The massive Walt Disney (DIS.N) media and entertainment empire is home to Pixar, Mickey Mouse, the Marvel movies, and the famed Star Wars franchise. The company also owns ABC and ESPN. In June 2018, Disney proposed a $71.3 billion bid to acquire another powerful media conglomerate, Rupert Murdoch’s Twenty-First Century Fox. Fox is the source of countless successful TV shows and box-office hits, including The Simpsons, The Shape of Water, Avatar, and X-Men. It is also home to a vast array of network and sports television, including Fox News, the NFL Sports Network, National Geographic, and over 300 international channels.
Unsurprisingly, Disney’s proposed $71.3 billion acquisition of Twenty-First Century Fox has raised antitrust concerns. The Justice Department, which is responsible for the investigation of antitrust cases, took a hit on June 12, 2018 due to a defeat in court while attempting to block the merger of AT&T and Time Warner. The U.S. District Court’s “blistering” decision criticized the Justice Department’s arguments as out of touch with the reality of today’s constantly evolving media landscape. Notably, the two parties to the AT&T-Time Warner merger operate in “different rungs in the media industry supply chain,” a fact which serves to mitigate the antitrust issue of harm to competition. However, the Fox acquisition is arguably a different beast, as it places Disney in a position of box-office “clout unmatched by any other traditional movie maker.”
Nonetheless, the Justice Department’s resounding defeat in district court may have forced it into a position more amenable toward corporate media acquisitions. As such, on June 27, 2018, the Justice Department approved Disney’s purchase of Fox under a settlement that requires Disney to sell Fox’s 22 regional sports networks.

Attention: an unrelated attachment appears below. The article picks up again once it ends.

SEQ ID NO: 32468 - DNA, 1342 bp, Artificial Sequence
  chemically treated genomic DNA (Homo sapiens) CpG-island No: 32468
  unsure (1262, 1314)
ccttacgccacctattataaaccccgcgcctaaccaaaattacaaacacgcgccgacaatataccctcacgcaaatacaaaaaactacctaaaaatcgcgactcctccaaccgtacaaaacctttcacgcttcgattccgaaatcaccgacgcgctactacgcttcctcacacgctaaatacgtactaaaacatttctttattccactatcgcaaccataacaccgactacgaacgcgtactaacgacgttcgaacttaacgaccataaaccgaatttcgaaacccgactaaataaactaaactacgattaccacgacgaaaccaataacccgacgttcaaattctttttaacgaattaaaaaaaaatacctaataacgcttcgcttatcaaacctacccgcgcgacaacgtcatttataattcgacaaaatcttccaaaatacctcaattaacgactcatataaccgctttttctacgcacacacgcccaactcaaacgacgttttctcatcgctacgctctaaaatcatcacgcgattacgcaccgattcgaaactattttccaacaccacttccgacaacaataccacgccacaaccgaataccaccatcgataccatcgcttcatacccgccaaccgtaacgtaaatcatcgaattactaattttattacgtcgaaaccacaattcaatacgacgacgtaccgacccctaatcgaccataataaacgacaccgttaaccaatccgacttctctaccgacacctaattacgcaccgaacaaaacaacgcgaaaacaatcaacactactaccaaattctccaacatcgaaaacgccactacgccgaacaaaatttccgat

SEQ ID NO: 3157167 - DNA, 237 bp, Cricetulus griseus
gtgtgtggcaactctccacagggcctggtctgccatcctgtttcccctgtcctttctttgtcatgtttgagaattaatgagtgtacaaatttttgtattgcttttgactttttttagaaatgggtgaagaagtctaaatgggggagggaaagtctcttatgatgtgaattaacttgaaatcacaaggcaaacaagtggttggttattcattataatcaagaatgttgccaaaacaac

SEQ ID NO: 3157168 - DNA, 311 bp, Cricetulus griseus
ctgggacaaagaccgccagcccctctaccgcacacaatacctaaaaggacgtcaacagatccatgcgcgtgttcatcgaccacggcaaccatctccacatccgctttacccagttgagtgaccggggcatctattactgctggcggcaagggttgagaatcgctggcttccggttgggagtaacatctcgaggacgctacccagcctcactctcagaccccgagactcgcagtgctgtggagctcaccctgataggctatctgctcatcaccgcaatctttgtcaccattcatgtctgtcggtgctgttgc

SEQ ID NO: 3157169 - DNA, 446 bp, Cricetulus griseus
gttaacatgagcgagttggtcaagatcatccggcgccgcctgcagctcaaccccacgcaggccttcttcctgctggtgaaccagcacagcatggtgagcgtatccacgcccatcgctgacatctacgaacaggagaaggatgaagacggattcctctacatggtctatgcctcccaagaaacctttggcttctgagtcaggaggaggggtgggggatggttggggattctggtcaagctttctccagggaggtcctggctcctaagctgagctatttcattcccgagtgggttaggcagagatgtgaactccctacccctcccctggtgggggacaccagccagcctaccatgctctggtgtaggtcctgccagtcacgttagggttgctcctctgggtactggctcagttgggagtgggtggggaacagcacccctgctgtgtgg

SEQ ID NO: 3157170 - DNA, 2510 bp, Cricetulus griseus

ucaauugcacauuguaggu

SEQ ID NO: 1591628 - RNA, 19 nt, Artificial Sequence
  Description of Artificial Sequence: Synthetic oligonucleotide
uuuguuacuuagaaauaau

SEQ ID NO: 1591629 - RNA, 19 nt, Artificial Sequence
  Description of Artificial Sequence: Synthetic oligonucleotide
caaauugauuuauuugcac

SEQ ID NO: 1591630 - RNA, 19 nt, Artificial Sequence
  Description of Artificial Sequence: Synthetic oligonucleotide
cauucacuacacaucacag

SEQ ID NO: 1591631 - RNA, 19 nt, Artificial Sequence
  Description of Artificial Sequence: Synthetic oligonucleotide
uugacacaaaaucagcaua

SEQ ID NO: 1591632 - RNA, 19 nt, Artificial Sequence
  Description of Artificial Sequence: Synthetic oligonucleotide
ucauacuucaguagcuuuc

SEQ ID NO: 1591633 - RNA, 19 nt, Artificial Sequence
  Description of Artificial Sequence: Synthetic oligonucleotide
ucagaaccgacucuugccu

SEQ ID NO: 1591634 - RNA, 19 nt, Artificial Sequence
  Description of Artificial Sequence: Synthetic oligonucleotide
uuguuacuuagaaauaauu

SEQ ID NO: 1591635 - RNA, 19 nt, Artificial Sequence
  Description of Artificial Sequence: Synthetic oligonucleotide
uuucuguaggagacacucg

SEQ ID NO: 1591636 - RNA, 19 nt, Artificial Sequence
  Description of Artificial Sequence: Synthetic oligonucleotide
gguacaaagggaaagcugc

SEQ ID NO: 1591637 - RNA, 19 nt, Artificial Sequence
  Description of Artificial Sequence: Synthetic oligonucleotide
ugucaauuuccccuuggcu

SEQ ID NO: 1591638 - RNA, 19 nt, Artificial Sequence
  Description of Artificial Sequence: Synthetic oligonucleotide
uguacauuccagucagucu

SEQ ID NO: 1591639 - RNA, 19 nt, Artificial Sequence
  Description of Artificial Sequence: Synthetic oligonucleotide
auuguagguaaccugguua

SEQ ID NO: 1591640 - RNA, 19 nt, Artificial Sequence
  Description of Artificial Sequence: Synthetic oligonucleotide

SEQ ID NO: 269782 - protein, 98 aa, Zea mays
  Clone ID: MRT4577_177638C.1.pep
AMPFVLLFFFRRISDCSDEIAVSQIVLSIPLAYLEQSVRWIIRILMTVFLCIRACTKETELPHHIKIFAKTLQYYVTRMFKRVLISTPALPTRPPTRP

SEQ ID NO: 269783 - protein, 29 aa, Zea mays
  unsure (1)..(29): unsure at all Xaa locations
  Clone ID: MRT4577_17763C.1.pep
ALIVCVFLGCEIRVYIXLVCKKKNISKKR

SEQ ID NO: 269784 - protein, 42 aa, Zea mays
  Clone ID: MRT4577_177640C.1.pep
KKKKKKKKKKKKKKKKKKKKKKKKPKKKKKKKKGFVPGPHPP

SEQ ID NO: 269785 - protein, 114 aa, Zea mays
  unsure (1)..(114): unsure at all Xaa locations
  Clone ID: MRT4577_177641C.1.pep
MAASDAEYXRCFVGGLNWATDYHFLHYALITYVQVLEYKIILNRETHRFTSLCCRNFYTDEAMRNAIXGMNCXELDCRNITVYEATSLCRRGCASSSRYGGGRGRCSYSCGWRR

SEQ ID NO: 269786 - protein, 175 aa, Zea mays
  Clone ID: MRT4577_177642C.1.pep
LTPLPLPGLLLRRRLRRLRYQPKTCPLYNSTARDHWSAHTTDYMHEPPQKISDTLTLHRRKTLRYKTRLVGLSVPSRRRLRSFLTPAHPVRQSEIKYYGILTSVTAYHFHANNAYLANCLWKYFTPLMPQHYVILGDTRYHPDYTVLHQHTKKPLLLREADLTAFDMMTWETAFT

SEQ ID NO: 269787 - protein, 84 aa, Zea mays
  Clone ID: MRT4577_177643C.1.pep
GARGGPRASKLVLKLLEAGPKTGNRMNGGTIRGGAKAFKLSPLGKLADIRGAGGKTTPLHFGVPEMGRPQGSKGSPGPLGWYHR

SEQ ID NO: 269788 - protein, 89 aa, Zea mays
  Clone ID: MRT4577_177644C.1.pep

The “clout” Disney will possess through the acquisition of Fox is perhaps one reason why the European Commission, the EU’s politically independent executive arm, has been slower to dismiss the antitrust issue. In response to the EU’s continued concerns, on October 12, 2018 Disney offered concessions via a proposal to the EU competition enforcer. The Commission will decide whether to approve the proposal by November 6, 2018. Although the details have not yet been released as to what the concessions may include, Fox President Peter Rice confirmed the deal is on-track to close in the first half of 2019, pending approval from the EU.
If the EU decides in favor of the acquisition, Disney’s $71.3 billion purchase of Fox will radically change the power distribution in media and entertainment.